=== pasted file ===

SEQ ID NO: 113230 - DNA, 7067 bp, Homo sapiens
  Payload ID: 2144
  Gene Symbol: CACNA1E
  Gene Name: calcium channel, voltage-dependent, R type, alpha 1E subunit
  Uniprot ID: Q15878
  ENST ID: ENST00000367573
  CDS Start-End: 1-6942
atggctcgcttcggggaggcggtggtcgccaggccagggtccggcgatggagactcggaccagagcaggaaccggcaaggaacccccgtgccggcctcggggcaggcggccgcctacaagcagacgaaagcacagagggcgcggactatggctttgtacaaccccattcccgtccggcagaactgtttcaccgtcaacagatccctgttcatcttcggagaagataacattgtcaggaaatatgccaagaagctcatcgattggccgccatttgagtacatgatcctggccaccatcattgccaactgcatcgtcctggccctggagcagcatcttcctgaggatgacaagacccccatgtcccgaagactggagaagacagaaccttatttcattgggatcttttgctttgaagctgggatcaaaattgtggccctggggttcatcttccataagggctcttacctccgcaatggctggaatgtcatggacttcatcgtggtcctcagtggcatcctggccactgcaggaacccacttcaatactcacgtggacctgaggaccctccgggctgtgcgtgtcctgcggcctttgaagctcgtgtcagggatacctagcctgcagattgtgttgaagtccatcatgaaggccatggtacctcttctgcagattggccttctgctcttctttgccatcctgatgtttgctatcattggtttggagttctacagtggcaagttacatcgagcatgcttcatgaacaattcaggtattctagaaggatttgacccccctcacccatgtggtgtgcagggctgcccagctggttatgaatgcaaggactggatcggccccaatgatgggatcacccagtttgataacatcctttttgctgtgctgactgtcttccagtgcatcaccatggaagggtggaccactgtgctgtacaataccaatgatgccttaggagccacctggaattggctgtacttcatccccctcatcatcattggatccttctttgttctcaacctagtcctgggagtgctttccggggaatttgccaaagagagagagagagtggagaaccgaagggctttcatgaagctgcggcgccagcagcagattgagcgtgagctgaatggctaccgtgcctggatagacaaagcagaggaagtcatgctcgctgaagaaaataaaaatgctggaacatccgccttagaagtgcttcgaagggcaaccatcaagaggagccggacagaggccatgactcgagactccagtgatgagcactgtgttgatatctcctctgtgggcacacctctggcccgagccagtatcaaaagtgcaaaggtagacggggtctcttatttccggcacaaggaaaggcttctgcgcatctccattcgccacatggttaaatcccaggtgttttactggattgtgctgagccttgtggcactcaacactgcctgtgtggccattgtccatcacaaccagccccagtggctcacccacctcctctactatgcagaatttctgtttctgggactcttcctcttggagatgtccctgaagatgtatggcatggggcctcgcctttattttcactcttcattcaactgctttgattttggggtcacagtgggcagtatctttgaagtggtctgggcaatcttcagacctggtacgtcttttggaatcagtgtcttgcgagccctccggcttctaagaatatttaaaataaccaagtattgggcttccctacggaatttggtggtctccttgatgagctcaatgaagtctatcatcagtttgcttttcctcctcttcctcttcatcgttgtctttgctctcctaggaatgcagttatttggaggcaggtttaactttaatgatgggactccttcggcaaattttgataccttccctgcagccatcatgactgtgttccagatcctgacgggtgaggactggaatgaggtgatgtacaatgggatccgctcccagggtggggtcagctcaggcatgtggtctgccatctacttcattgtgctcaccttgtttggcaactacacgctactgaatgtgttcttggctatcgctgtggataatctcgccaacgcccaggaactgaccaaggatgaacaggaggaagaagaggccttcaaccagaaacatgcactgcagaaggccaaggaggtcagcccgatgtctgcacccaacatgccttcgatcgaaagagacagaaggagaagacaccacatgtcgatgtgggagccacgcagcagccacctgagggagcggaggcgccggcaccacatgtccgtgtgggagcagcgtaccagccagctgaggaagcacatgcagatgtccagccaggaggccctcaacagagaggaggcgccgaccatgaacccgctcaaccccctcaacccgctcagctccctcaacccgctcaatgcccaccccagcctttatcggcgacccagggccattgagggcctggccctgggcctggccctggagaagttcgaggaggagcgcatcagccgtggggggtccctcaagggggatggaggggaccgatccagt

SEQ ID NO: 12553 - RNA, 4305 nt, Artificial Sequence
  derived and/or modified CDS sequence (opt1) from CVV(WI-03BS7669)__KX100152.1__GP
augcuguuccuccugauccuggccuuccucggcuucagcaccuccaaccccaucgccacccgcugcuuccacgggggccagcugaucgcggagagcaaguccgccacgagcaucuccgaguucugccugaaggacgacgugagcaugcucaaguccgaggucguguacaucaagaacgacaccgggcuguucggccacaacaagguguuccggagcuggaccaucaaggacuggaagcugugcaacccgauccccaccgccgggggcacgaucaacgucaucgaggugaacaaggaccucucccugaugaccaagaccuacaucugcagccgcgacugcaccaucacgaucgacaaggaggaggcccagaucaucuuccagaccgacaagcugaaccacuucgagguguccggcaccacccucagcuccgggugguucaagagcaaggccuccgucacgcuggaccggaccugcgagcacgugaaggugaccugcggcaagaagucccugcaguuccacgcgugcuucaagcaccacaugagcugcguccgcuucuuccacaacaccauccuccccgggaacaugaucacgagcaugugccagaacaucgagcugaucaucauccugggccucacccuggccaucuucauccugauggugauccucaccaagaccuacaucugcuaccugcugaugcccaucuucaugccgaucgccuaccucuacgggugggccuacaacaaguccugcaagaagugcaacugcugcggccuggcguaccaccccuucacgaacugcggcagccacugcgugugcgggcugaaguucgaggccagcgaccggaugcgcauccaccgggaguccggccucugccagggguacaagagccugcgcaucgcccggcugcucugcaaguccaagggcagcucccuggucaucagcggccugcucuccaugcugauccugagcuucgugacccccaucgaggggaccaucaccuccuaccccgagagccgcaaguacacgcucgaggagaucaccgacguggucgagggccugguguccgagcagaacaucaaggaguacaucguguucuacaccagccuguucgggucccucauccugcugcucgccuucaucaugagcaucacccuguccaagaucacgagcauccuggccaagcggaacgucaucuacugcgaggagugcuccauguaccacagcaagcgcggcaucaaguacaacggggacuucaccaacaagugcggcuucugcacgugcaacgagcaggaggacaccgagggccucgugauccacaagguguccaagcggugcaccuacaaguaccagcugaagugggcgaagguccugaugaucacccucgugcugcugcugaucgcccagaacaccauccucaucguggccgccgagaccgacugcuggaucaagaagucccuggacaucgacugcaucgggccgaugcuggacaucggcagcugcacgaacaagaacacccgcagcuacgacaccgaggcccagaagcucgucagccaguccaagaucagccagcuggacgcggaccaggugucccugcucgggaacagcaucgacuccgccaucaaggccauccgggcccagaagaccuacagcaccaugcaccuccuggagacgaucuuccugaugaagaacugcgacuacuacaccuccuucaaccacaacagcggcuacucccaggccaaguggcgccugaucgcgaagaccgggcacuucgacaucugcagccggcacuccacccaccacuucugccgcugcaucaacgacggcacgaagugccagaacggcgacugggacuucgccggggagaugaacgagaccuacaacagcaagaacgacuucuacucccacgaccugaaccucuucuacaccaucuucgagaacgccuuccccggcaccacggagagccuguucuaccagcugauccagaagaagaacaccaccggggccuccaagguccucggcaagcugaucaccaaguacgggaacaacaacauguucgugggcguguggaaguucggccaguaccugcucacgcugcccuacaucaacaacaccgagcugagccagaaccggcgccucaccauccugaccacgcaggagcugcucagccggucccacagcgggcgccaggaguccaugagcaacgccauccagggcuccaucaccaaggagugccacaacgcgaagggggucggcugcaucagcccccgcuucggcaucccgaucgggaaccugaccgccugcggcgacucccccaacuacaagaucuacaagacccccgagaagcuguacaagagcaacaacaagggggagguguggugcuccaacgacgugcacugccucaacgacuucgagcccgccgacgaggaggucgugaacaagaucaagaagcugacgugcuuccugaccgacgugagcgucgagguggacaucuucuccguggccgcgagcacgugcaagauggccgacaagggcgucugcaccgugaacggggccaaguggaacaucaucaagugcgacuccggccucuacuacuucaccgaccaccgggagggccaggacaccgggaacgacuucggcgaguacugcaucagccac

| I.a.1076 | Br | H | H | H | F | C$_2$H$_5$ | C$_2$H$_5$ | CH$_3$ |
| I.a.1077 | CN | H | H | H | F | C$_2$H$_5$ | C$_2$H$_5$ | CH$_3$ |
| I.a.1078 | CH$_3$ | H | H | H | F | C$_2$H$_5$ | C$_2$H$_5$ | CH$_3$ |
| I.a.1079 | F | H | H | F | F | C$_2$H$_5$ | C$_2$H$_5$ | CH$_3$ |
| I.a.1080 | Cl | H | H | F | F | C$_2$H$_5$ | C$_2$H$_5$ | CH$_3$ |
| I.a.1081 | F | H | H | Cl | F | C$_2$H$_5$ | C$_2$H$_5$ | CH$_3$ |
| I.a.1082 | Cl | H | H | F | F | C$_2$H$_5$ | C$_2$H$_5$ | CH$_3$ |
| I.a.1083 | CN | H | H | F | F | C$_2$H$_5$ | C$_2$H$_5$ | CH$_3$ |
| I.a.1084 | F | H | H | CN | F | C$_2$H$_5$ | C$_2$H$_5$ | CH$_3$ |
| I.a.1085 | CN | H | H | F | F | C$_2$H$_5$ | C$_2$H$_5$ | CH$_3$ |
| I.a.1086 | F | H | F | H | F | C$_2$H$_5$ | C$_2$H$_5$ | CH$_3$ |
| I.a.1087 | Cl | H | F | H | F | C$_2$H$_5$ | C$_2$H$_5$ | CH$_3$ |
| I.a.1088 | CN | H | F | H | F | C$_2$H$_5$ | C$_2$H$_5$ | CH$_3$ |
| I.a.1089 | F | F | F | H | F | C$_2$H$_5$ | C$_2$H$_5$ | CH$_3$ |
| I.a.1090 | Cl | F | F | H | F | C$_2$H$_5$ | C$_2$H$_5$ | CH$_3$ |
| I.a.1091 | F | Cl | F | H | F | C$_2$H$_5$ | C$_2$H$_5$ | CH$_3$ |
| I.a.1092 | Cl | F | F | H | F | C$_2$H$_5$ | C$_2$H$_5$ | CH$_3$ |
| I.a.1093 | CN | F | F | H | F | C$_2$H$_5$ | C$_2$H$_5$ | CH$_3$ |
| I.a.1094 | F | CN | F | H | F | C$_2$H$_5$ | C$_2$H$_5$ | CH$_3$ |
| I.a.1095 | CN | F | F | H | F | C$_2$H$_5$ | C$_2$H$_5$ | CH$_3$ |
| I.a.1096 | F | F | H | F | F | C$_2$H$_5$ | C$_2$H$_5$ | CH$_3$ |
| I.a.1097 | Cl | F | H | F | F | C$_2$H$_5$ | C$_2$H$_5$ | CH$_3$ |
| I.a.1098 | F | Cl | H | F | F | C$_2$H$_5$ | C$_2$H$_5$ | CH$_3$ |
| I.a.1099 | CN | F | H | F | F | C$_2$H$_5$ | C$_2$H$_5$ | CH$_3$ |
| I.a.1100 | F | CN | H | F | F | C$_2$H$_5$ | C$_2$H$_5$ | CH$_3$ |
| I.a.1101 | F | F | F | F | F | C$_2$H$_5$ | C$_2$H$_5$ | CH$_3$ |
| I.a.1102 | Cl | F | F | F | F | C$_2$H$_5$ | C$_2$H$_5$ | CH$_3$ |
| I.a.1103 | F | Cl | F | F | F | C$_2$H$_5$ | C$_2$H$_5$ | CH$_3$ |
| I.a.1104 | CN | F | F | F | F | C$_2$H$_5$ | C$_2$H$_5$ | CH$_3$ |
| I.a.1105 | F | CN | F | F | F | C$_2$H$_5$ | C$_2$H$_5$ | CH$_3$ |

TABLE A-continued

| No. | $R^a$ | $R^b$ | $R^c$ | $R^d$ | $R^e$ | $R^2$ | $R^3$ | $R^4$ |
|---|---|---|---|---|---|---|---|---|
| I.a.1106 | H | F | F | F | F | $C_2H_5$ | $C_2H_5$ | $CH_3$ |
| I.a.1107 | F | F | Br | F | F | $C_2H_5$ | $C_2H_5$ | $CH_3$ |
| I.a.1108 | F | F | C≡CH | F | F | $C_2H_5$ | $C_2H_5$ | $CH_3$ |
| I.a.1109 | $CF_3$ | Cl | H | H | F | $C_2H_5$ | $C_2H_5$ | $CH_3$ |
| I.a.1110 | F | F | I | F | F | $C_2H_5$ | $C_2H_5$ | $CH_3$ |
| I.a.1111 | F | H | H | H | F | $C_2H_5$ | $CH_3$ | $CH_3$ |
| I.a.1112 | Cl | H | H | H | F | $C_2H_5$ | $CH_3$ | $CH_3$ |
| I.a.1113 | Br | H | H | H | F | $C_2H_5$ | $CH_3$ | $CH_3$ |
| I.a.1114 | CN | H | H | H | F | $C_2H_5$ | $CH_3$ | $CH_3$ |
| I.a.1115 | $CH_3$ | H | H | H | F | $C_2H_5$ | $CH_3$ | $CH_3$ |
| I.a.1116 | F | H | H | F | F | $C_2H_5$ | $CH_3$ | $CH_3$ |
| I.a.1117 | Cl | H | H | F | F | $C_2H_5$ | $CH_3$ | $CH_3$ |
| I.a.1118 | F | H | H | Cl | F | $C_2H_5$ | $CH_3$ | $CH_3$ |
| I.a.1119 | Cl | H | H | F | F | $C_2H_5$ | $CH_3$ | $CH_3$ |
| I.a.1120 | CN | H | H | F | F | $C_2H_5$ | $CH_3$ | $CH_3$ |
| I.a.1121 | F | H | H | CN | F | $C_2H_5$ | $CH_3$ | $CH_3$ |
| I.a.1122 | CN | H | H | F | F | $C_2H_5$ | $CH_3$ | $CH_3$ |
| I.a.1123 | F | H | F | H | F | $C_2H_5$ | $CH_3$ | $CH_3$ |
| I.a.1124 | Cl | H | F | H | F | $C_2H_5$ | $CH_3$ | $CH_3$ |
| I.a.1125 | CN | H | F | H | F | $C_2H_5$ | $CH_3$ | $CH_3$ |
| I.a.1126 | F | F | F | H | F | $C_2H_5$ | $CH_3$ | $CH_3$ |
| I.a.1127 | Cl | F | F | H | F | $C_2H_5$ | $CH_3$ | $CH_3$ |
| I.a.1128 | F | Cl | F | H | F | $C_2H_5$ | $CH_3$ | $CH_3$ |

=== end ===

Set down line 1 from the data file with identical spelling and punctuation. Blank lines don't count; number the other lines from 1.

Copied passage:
SEQ ID NO: 113230 - DNA, 7067 bp, Homo sapiens